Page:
In its zeal to pass the Tax Cuts and Jobs Act of 2017, Congress — seemingly without debate or considering consequences — included a provision that soon will alter the way innovative American companies account for investments in research and development. It is imperative that Congress modify this provision before it unwittingly damages America’s research enterprise and its engine of growth.

In the midst of global competition, and at exactly the time we need to encourage and invest in innovation through research and development, we are faced with a pending tax provision that will do the exact opposite. Without corrective action, come Jan. 1, 2022, the Tax Cuts and Jobs Act will make corporate R&D investments more expensive. Instead of accounting for those expenses the year of, the act will require companies to amortize those expenses over five years, meaning they can only make deductions on 20 percent of those expenses per year.

Requiring companies to capitalize and amortize these expenses amounts to a significant effective tax increase and undermines what has been one of the foundational drivers of American technological progress. These changes are bound to discourage R&D investment in the United States and will hurt U.S. innovation, especially notable at a time when our economy is still recovering from the COVID-19 pandemic.

In 2017, as Congress debated the Tax Cuts and Jobs Act, this received scant attention amid the certainty Congress would revisit, revise or reverse this provision. Instead, it was mostly forgotten and proposed fixes were neglected, even as the implementation date approached. The full execution of the act now looms, and it is already having a negative impact on corporate R&D investment decisions.

We call on Congress to enact the bipartisan House and Senate legislation (HR 1304 and S 749, respectively) introduced to remove the amortization requirement for R&D expenses. This would align with the push from both the Biden administration and Congress to counter Chinese R&D gains.

Since 1954, American innovation has been boosted in part by a tax code enabling companies to deduct R&D expenses immediately in the year in which investments are made. This has helped stimulate research leading to countless inventions, improvements and technological leaps that, in turn, drove America’s technological superiority and sustained economic growth. It also led to our ultimate triumph in the Cold War when the United States last faced a peer competitor intent on undermining and dislodging us from global leadership.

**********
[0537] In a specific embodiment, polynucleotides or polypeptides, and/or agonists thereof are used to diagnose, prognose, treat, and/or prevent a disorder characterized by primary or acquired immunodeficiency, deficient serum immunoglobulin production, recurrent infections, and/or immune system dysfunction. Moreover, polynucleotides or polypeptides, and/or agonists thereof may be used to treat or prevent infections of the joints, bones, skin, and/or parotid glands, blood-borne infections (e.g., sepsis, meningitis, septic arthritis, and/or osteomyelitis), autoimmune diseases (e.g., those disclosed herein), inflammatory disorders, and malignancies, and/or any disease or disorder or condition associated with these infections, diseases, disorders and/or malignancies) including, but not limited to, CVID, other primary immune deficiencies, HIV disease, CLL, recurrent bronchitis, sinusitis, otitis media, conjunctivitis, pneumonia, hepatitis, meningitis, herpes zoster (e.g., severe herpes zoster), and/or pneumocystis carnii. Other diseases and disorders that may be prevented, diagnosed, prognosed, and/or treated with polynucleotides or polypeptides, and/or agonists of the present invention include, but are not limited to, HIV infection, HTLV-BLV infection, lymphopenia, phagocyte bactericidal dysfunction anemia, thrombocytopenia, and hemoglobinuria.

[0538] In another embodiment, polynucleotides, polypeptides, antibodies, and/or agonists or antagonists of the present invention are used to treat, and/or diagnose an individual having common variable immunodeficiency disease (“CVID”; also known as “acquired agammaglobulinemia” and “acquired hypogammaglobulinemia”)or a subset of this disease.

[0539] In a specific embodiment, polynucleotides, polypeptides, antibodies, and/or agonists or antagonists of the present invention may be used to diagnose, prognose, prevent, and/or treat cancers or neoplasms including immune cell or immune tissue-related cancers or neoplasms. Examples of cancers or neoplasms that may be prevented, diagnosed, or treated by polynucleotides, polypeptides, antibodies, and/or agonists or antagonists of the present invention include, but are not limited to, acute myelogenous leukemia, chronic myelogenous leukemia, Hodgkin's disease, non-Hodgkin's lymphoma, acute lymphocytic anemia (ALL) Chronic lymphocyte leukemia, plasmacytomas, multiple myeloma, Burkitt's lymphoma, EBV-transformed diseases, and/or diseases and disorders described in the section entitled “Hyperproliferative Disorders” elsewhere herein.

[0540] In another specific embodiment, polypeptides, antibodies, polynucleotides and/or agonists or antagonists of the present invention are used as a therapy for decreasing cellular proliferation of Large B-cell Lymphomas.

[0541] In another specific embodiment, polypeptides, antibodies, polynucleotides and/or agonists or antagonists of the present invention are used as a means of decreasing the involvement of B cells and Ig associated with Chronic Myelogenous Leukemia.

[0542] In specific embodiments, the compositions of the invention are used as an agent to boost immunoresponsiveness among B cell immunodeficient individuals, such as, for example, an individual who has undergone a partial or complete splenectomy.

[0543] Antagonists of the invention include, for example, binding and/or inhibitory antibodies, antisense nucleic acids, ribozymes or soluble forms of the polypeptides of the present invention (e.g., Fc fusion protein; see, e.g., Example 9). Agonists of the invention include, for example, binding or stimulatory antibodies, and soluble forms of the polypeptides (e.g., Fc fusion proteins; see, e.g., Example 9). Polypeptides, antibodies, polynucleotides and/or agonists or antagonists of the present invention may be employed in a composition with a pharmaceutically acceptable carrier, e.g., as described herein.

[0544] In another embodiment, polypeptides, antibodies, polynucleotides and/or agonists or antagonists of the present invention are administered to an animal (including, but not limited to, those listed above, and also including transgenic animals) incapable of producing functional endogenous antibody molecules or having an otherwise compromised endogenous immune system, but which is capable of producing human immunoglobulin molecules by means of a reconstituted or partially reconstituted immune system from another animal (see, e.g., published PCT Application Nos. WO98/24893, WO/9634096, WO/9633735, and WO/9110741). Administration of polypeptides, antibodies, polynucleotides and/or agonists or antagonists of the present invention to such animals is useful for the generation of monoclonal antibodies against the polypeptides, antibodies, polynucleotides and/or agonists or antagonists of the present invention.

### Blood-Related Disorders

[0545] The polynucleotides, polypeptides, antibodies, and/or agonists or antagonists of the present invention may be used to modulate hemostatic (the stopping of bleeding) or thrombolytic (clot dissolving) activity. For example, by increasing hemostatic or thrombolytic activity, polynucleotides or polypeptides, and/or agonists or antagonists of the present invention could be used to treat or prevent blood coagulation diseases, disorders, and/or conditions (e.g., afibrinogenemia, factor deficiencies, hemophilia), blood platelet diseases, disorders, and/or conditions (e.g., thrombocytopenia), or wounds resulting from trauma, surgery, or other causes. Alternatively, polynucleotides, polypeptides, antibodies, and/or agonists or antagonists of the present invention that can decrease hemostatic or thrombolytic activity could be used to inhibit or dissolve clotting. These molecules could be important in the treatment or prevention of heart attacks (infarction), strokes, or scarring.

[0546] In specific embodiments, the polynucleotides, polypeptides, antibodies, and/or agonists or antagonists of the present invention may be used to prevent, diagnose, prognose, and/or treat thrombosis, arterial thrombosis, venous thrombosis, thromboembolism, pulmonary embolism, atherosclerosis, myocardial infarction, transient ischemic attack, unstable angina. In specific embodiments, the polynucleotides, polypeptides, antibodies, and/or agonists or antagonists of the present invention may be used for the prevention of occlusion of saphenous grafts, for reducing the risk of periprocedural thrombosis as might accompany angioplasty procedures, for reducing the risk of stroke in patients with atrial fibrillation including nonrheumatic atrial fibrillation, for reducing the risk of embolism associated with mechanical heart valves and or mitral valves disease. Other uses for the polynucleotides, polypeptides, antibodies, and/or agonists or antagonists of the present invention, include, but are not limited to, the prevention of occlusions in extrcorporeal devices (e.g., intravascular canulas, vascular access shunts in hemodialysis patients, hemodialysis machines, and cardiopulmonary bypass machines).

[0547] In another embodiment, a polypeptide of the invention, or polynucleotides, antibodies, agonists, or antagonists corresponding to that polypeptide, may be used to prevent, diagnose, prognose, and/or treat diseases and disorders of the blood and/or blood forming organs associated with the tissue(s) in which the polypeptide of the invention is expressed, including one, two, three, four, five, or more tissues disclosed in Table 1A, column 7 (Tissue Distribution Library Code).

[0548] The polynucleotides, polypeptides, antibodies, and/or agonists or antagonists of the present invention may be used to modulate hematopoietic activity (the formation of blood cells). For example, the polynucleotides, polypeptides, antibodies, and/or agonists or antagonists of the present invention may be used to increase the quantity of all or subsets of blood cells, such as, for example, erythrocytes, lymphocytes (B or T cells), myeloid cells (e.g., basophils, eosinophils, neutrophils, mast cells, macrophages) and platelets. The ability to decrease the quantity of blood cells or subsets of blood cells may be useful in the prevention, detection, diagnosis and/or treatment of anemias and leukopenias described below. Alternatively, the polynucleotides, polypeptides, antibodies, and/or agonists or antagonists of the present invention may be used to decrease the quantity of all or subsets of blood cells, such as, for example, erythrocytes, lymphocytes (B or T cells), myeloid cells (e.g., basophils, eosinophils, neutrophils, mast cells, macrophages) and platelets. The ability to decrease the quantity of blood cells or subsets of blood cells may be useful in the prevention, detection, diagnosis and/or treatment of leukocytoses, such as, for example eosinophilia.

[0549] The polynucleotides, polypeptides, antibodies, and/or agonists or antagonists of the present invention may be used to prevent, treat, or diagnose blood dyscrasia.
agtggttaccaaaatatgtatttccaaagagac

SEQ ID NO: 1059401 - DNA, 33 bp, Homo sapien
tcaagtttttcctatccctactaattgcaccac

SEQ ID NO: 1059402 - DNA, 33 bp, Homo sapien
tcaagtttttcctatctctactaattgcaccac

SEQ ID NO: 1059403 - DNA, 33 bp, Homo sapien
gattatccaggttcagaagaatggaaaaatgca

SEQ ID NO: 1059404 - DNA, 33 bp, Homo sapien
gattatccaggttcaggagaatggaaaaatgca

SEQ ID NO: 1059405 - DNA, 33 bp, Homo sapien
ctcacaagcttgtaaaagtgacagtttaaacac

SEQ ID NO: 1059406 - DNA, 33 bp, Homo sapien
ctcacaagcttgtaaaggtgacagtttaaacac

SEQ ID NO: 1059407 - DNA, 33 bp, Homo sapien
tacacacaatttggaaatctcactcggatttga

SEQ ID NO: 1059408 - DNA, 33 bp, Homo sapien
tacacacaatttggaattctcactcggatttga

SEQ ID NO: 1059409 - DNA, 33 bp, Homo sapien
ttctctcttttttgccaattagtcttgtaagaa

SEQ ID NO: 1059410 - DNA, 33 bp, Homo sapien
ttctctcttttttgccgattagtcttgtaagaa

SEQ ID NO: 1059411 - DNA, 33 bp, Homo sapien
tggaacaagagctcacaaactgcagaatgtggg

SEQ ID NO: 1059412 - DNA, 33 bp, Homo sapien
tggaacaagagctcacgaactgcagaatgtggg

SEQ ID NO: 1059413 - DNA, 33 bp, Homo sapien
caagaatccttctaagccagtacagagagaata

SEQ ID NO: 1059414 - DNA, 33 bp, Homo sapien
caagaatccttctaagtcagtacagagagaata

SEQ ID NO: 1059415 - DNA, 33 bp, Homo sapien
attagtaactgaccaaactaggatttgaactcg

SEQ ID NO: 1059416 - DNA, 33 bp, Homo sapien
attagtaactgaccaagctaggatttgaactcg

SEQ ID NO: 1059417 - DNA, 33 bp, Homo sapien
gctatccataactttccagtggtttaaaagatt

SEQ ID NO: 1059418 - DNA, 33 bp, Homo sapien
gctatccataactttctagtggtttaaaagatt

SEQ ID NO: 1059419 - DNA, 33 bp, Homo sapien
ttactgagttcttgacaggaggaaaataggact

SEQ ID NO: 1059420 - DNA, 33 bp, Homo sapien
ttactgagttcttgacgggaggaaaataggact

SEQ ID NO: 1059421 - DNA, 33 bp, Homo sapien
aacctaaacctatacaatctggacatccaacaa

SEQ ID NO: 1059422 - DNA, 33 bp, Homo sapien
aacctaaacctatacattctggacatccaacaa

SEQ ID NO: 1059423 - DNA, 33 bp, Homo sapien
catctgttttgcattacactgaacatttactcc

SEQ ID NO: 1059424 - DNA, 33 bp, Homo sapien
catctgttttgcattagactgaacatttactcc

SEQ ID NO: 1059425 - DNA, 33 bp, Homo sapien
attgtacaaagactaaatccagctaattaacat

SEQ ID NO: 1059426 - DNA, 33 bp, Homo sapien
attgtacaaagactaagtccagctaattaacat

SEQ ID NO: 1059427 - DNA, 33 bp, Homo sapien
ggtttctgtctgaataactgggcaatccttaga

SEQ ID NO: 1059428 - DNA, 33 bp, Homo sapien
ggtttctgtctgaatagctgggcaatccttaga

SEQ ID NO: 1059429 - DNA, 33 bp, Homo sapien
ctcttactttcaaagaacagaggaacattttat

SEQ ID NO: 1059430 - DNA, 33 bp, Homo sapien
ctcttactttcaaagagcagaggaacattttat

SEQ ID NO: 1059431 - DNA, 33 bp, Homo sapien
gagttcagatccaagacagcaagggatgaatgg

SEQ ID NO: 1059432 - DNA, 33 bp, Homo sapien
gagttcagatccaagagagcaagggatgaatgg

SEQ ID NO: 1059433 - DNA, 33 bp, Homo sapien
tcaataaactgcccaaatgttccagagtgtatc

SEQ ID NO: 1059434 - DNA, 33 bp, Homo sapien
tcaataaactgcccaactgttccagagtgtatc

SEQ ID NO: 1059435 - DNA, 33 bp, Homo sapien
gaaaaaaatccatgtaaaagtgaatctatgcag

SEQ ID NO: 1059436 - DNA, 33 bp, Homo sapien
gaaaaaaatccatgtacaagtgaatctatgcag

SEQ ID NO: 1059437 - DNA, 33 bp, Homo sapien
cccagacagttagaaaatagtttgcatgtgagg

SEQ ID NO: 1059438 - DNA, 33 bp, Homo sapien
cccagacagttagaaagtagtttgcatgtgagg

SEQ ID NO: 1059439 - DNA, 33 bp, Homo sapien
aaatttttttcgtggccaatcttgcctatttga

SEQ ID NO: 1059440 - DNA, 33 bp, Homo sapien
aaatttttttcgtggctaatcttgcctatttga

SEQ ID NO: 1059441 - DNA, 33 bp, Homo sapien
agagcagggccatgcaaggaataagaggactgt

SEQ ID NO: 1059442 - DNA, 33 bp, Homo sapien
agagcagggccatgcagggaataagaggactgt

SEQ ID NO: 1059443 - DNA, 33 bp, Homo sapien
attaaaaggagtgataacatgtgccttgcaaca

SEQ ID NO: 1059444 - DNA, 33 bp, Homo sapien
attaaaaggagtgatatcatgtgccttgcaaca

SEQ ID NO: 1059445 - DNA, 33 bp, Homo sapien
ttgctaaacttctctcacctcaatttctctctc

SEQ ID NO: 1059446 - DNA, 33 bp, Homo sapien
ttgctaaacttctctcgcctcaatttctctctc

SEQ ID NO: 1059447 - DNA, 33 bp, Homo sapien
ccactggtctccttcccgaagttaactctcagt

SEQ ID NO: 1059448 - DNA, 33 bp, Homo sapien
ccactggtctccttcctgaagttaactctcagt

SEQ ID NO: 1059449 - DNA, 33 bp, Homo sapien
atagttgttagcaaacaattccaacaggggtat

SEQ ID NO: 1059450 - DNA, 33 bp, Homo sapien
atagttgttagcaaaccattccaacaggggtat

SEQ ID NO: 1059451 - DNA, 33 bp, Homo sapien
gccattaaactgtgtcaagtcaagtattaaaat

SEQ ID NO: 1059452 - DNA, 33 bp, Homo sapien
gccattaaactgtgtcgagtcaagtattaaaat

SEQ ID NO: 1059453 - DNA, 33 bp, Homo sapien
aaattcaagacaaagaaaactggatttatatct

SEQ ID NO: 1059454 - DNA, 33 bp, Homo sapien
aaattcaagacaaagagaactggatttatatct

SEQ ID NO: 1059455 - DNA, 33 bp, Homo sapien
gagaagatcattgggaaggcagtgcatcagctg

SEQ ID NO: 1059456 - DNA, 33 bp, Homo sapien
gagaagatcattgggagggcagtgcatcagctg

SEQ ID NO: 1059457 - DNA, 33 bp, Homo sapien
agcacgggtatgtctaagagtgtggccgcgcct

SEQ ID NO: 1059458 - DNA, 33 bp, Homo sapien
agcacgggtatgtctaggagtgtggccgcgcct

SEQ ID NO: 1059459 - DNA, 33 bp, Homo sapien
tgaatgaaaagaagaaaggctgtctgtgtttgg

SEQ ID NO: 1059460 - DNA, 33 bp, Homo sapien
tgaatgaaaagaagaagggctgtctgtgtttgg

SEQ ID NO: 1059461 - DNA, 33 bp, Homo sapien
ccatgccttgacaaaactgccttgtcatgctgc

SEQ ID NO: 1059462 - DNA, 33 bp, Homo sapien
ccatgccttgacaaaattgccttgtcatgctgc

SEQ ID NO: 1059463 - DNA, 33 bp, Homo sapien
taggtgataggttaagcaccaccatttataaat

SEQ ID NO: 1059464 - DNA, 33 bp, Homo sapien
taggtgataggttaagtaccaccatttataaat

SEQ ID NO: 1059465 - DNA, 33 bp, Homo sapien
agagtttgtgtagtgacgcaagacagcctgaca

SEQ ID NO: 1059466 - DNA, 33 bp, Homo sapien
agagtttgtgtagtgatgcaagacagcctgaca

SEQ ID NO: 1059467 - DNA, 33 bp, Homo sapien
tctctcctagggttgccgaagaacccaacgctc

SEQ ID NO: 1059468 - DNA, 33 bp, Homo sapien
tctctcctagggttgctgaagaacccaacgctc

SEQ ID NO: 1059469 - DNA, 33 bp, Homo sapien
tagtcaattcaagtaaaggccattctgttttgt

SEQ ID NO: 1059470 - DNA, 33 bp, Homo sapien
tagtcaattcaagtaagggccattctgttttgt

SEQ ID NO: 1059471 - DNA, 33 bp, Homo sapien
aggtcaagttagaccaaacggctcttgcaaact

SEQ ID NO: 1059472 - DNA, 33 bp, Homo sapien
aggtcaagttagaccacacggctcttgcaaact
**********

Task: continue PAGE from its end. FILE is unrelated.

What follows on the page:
Today, we again face a peer competitor intent on supplanting America and our values at the pinnacle of the rules-based international order. The Chinese Communist Party is every bit as driven, not to mention better positioned economically and strategically, to challenge our nation’s leadership as the Soviets were in the years following World War II. As the National Defense Strategy of 2018 correctly notes, we have reentered a world and era of great power competition.

While the Soviet economy never approached 50 percent of America’s during the Cold War, this time the competitor’s economy is set to soon surpass our own, with a stated goal to dominate emerging technologies and corner the market on advanced talent; and where it cannot develop or buy advanced technology, it is willing and able to steal tech.

China is estimated to be pilfering about $600 billion a year in intellectual property. At the same time it is investing hundreds of billions of dollars in its technology sector through its programs such as Made in China 2025, the Thousand Talents Plan and other nationally coordinated efforts.

In fact, in some emerging technology areas, China is already equal to or ahead of the United States. This includes technologies critical to our nation’s security, such as hypersonics and directed energy. In other areas ranging from artificial intelligence to biotechnology, China has made no secret of its investments and its intentions. The Chinese Communist Party would likely apply these technologies with the same lack of ethical constraints that has enabled ethnic cleansing of the Uyghurs and fueled the creation of an Orwellian social credit system, and which continues to cover up the origins of a pandemic that has thus far killed 3 million people around the world.

And regarding the rules-based international system, it has flaunted international law, destroying South China Sea reefs to first build and then arm outposts, and violently abrogated its treaty with the United Kingdom, crushing Hong Kong.

Given all the challenges America is already facing to its scientific and technological primacy, it would be foolhardy to hamstring American industry’s ability to innovate even further.

Retired U.S. Air Force Gen. Hawk Carlisle is president and CEO of the National Defense Industrial Association. He previously led Air Combat Command. Mark Lewis is the executive director of NDIA’s Emerging Technologies Institute. He previously worked as the director of defense research and engineering at the U.S. Defense Department.